The Jupyter Notebook App is a server-client application that allows editing and running notebook documents via a web browser.
You’re starting to experiment an unknown library and you write a big chunk of code, there are too many errors, so you start debugging but in the end you give up hope. Sad story, eh?
But what if you can write small chunks, check if it’s running fine and proceed to the next? That’d be so great. This is what Notebooks achieve and why I love it.
Remote port forwarding / Reverse ssh tunneling for jupyter notebooks
My laptop’s too slow to even run a hello world program and I try to run it on my friend’s powerful machine. I want to run not just any code, but a jupyter notebook. This is how I do it.
I ssh into my friend’s machine first. Now, the
- Current machine is my friend’s powerful machine – let it be C,
- Remote machine is the local machine, my very slow laptop – R
Start a jupyter notebook on C in a new session, using
jupyter-notebook --no-browser --port 8080
In another session on C, do this
ssh -N -f -R <portR>:localhost:<portC> <user_name>@<local_machine_ip(R's ip)>
<portR> is R’s port we wish to use.
<portC> is C’s port that’s currently used, in this case it’s 8080
<user_name>@<local_machine_ip> is my slow laptop’s address.(R)
Now, I will be able to access the jupyter notebook on my laptop(R) and perform expensive operations using C’s resources.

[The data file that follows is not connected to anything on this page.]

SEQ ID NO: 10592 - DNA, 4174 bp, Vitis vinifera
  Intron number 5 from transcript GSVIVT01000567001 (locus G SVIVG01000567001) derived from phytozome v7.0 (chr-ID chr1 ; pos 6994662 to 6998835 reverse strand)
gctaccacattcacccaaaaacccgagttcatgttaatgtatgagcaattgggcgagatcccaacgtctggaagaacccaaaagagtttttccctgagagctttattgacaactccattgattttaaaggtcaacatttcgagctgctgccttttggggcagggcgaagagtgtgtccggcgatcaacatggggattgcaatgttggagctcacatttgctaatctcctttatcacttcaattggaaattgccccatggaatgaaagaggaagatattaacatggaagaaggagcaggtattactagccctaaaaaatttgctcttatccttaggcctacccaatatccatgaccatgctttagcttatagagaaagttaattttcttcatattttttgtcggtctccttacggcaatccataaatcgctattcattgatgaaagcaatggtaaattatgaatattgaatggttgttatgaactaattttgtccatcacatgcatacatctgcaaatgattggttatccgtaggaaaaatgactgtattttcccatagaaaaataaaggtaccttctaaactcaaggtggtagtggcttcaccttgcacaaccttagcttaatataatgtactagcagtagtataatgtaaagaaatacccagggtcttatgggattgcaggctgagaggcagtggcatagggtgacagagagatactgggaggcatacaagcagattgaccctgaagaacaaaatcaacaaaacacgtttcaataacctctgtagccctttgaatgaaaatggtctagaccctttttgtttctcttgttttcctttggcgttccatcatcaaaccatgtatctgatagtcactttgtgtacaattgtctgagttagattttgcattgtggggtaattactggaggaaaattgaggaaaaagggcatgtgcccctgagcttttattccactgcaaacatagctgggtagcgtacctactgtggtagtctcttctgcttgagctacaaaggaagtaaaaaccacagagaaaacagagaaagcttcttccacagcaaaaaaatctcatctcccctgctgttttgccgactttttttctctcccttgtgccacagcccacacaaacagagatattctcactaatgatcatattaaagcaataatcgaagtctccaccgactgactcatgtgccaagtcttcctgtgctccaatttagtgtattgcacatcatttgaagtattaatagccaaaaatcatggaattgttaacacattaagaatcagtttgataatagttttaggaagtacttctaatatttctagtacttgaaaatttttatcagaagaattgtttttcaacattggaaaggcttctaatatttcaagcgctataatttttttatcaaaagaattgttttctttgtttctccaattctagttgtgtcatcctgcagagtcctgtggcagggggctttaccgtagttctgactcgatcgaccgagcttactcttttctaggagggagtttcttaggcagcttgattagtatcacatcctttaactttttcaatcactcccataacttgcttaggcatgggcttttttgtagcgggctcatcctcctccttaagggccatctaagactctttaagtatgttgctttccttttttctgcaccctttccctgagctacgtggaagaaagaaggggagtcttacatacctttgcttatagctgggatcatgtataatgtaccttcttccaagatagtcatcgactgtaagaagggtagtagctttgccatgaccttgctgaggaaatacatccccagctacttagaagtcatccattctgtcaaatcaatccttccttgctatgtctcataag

Using bind address
Syntax for the argument
-R from the man pages of ssh
My friend now wants to access my jupyter notebook on my machine and when I send the address
<R's ip>:portR , my friend wouldn’t able to access it.
To allow nonlocal users to be able to connect
localhost:portC, follow these few steps.
R$ grep GatewayPorts /etc/ssh/sshd_config #GatewayPorts no
In the R’s
/etc/ssh/sshd_config file add
R$ sudo service sshd restart
and run in C,
ssh -N -f -R 0.0.0.0:<portR>:localhost:<portC> <user_name>@<local_machine_ip>
ssh -N -f -R \*:<portR>:localhost:<portC> <user_name>@<local_machine_ip>
ssh -N -f -R "[::]:<portR>:localhost:<portC>" <user_name>@<local_ machine_ip>
If you do this very often, set up a special host in
~/.ssh/config on C:
Host laptop HostName <R's ip> User <user_name> RemoteForward portR localhost:portC
-Nsays that you want an SSH connection, but you don’t actually want to run any remote commands. If all you’re creating is a tunnel, then including this option saves resources.
Specifies that the given port on the remote (server) host is to be forwarded to the given host and port on the local side.
-fRequests ssh to go to background just before command execution